How to make your own bootstick

If you do much with computers, like setting up operating systems, adjusting partitions or getting them working again when they go wrong, you may accumulate a fair bundle of CDs – and as not every computer has a CD drive these days, you may also have some USB sticks. However, you might wonder if there is any way to carry less... such as just one USB stick that includes everything you want.

After much tinkering, I managed to get one to work. These instructions assume you use a Debian-based system to create the stick, but you will find it similar with any Linux and may find it possible to use other systems, following these guidelines.

First, decide what you want

You will need to decide what to put on your stick, and of course, what size stick you need to hold it all. I am using a 1GB stick at present, but a bigger one will allow more to be added.

There are a few caveats:

  1. Not everything you want to put on the stick will necessarily work, even if it works fine when burned to a CD or put directly on the stick.

  2. Sometimes, the obvious way will fail and you will need to add more – this is notably the case with Debian install CDs which cannot find themselves when booted in this way and you need to use hard disk images as well to make it work. I have not yet overcome this problem with the Debian wheezy installer.

In general, though, this technique will work if what you want is available as CD images or hard disk images.

My personal boot stick includes the Ultimate Boot CD, grml64 and the Debian squeeze installer for amd64 systems. A small amount of useful syslinux features are also present.

Prepare your stick

Obtain your stick and insert it into a USB port. If it mounts, go to a shell (probably best as root) and umount /media/LABEL, for example.

Look in dmesg to see the device name allocated... on my system it is usually /dev/sdf, and this will be assumed for the rest of this example, for the stick itself. Do cfdisk /dev/sdf, for example. If that says the partition table is corrupt, do cfdisk -z /dev/sdf to start from a blank partition table.

If there is just one partition present, taking up all the space, and it is a W95 FAT32 (LBA) partition (type 0C) and is bootable, you can Quit cfdisk. Otherwise, delete any partitions present, create a new type 0C partition taking all the space, and mark it bootable, then Write the partition table to the stick.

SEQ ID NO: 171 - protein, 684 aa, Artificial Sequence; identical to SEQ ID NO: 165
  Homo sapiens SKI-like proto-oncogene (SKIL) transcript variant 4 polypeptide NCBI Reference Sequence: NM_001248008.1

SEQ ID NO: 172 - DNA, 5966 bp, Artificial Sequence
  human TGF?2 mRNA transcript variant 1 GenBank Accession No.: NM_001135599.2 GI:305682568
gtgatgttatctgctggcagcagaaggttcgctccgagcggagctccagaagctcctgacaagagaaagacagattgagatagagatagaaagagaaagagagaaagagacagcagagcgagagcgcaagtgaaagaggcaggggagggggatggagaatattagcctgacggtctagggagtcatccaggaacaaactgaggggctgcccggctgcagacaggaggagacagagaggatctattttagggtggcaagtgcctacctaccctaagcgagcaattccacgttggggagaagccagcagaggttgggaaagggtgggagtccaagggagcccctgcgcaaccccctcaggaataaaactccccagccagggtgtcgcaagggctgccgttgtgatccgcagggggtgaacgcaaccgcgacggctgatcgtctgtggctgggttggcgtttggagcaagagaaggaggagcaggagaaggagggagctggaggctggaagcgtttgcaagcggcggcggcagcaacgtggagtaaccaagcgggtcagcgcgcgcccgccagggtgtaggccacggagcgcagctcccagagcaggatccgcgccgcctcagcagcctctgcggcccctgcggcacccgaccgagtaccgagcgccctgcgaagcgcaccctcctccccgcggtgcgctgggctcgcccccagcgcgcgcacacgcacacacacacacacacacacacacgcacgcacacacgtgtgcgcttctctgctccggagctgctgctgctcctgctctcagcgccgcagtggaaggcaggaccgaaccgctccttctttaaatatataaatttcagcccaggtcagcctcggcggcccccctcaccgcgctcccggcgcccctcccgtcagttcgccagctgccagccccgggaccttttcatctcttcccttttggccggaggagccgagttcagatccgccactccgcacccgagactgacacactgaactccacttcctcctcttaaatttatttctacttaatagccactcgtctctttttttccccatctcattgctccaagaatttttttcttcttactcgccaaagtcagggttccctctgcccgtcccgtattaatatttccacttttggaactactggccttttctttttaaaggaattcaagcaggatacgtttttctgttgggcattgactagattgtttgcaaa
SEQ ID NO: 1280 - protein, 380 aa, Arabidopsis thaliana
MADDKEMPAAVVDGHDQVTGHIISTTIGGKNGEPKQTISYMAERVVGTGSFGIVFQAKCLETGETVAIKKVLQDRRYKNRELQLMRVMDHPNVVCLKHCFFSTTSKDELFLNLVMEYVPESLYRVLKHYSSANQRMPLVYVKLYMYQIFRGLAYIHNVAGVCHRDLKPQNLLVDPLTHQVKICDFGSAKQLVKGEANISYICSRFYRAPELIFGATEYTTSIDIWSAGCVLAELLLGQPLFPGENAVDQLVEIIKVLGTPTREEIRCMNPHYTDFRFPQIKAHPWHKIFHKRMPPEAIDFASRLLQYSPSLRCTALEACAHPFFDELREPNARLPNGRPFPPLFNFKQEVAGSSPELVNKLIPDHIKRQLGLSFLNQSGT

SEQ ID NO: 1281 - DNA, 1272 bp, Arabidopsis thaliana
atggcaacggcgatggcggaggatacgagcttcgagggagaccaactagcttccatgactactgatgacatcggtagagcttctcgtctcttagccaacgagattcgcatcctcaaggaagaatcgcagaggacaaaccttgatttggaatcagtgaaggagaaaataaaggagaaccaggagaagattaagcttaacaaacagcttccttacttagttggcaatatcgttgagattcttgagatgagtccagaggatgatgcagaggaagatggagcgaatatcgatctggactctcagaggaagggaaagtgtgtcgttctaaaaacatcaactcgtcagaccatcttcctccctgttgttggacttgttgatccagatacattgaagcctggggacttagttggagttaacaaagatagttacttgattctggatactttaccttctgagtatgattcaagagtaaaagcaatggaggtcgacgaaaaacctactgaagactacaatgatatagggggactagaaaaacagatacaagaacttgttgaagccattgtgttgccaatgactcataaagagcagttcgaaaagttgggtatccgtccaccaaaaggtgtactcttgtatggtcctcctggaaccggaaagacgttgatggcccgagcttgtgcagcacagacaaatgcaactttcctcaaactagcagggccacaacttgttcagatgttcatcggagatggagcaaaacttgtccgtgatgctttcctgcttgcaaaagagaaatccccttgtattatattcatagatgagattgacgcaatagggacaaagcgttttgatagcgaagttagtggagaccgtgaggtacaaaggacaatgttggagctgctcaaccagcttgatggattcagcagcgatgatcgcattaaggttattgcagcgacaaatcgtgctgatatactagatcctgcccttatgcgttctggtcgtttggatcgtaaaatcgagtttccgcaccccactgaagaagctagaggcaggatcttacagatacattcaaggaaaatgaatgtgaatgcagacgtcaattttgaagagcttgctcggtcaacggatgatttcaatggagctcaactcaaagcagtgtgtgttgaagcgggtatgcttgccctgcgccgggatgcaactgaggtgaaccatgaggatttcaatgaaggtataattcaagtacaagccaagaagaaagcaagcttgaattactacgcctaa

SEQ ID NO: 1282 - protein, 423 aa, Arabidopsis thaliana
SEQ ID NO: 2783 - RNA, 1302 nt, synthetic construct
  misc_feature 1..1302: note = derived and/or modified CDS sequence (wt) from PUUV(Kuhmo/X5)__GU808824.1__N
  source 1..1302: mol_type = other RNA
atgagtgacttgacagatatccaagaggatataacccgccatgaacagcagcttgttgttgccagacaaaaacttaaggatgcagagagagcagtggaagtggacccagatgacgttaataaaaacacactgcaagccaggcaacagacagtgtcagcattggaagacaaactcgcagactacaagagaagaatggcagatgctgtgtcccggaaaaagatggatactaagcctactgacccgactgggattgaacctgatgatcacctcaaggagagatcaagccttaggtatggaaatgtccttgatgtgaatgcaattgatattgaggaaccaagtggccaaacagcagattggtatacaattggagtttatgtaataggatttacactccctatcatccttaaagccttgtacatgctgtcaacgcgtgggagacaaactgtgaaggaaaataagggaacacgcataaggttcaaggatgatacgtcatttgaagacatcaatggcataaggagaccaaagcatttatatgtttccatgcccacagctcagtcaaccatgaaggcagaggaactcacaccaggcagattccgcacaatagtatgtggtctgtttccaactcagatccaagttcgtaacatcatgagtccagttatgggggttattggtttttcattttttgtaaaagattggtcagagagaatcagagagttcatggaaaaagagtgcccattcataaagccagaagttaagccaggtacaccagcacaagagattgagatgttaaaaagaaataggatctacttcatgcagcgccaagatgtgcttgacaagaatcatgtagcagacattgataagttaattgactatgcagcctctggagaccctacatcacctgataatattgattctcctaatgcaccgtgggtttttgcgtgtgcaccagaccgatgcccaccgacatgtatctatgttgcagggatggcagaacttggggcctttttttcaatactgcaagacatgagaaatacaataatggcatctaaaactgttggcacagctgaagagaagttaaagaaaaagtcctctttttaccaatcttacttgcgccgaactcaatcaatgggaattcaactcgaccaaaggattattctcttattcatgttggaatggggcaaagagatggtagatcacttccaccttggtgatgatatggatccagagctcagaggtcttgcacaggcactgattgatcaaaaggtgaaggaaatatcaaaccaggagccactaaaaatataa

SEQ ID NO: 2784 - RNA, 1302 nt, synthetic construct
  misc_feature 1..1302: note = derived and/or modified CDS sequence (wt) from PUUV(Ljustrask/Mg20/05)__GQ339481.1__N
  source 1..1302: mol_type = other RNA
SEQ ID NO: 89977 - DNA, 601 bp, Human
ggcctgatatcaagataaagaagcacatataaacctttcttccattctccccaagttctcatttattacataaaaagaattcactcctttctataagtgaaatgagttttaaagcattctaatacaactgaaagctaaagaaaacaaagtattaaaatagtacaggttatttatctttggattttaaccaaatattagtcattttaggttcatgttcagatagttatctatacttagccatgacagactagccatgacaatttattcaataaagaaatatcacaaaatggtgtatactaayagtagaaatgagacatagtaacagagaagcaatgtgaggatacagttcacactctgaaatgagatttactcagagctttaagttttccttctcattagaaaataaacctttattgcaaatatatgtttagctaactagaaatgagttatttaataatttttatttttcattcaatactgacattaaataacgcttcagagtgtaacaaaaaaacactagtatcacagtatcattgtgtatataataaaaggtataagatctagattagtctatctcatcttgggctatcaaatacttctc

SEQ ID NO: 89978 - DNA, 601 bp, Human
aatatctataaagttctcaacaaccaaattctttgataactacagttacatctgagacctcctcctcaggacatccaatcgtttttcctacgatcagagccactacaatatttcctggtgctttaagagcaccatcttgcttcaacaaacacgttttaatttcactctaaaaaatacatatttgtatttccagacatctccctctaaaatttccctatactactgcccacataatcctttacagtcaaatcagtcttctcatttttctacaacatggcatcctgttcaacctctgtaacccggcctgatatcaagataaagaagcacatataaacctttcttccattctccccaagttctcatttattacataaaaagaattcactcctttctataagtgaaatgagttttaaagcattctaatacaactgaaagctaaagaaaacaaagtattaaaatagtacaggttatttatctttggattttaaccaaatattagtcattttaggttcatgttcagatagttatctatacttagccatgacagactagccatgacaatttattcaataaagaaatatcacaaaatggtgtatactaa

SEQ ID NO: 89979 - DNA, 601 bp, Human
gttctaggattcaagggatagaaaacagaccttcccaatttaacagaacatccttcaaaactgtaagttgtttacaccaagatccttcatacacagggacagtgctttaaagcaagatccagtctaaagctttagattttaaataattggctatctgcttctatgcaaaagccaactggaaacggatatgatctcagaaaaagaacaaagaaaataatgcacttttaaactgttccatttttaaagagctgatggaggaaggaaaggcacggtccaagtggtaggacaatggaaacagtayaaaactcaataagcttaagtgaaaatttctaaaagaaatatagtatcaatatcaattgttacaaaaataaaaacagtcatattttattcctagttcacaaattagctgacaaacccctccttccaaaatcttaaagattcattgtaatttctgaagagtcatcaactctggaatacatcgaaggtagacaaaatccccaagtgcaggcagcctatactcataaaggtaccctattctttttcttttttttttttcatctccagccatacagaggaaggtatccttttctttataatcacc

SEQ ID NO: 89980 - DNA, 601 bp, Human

Next, do mkfs.vfat -n Bootstick /dev/sdf1 to format the partition. It may mount automatically when done – if so, umount it. Do syslinux /dev/sdf1. Mount the partition either manually or by removing and replacing the stick. The file ldlinux.sys should now be present on it.

Now, cd /media/Bootstick. Any iso images you wish to boot will need to go here – ubcd511.iso and grml64-full_2012.05.iso in my case. For anything else, involving hard disk images, create a folder for each and put all the files you need for that in there. In my case I have the folder “debian”, containing debian-6.0.5-amd64-businesscard.iso, initrd.gz and vmlinuz.

Now, back in /media/Bootstick, create the folder syslinux. Do cp /usr/lib/syslinux/{menu.c32,reboot.c32,,memdisk} /media/Bootstick/syslinux. (If you are NOT using the Ultimate Boot CD as part of this, you may want to include hdt.c32 as well.)

In /media/Bootstick/syslinux, create the file syslinux.cfg – the one below is mine, adjust it to suit your requirements:

# Config file for Syslinux -
# Default entry
PROMPT 0        # Change to 1 if you do not want to use a menu
TIMEOUT 0       # 0 = disabled, value in 1/10 seconds

# Menu Configuration
# Either menu.c32 or vesamenu32.c32 must be copied to /boot/syslinux 
UI menu.c32
#UI vesamenu.c32

# Refer to
MENU TITLE Phil's Boot Stick (August 2012)
MENU COLOR border       30;44   #40ffffff #a0000000 std
MENU COLOR title        1;36;44 #9033ccff #a0000000 std
MENU COLOR sel          7;37;40 #e0ffffff #20ffffff all
MENU COLOR unsel        37;44   #50ffffff #a0000000 std
MENU COLOR help         37;40   #c0ffffff #a0000000 std
MENU COLOR timeout_msg  37;40   #80ffffff #00000000 std
MENU COLOR timeout      1;37;40 #c0ffffff #00000000 std
MENU COLOR msg07        37;40   #90ffffff #a0000000 std
MENU COLOR tabmsg       31;40   #30ffffff #00000000 std

# boot Ultimate Boot CD image
LABEL ubcd
        MENU LABEL Ultimate Boot CD 5.1.1
        LINUX memdisk
        INITRD ../ubcd511.iso
        APPEND iso
# boot GRML 64-Bit image
LABEL grml64
        MENU LABEL Grml64 Live System - May 2012
        LINUX memdisk
        INITRD ../grml64-full_2012.05.iso
        APPEND iso
# boot Debian squeeze amd64 installer
LABEL debian
        MENU LABEL Debian squeeze amd64 installer
        LINUX ../debian/vmlinuz
        INITRD ../debian/initrd.gz
        APPEND initrd=initrd.gz ramdisk_size=12000 root=/dev/rd/0 rw
# reboot
LABEL reboot
        MENU LABEL Reboot
        COM32 reboot.c32
# Power off system
        MENU LABEL Power Off

Note: only works on APM systems – it may fail on more modern ones.


Test the stick by booting it on a machine, and try each option, but not to the point where it may destroy data, if there is anything on the hard disk of the machine you are using. If anything doesn't work, you will either need to work out a way to make it work, or you should exclude it in the future.

If the stick fails to boot at all, it may have a corrupted MBR. If so, on the system where you generated the stick, insert it and do install-mbr /dev/sdf. Then try it again. If it still fails, do syslinux /dev/sdf1 again.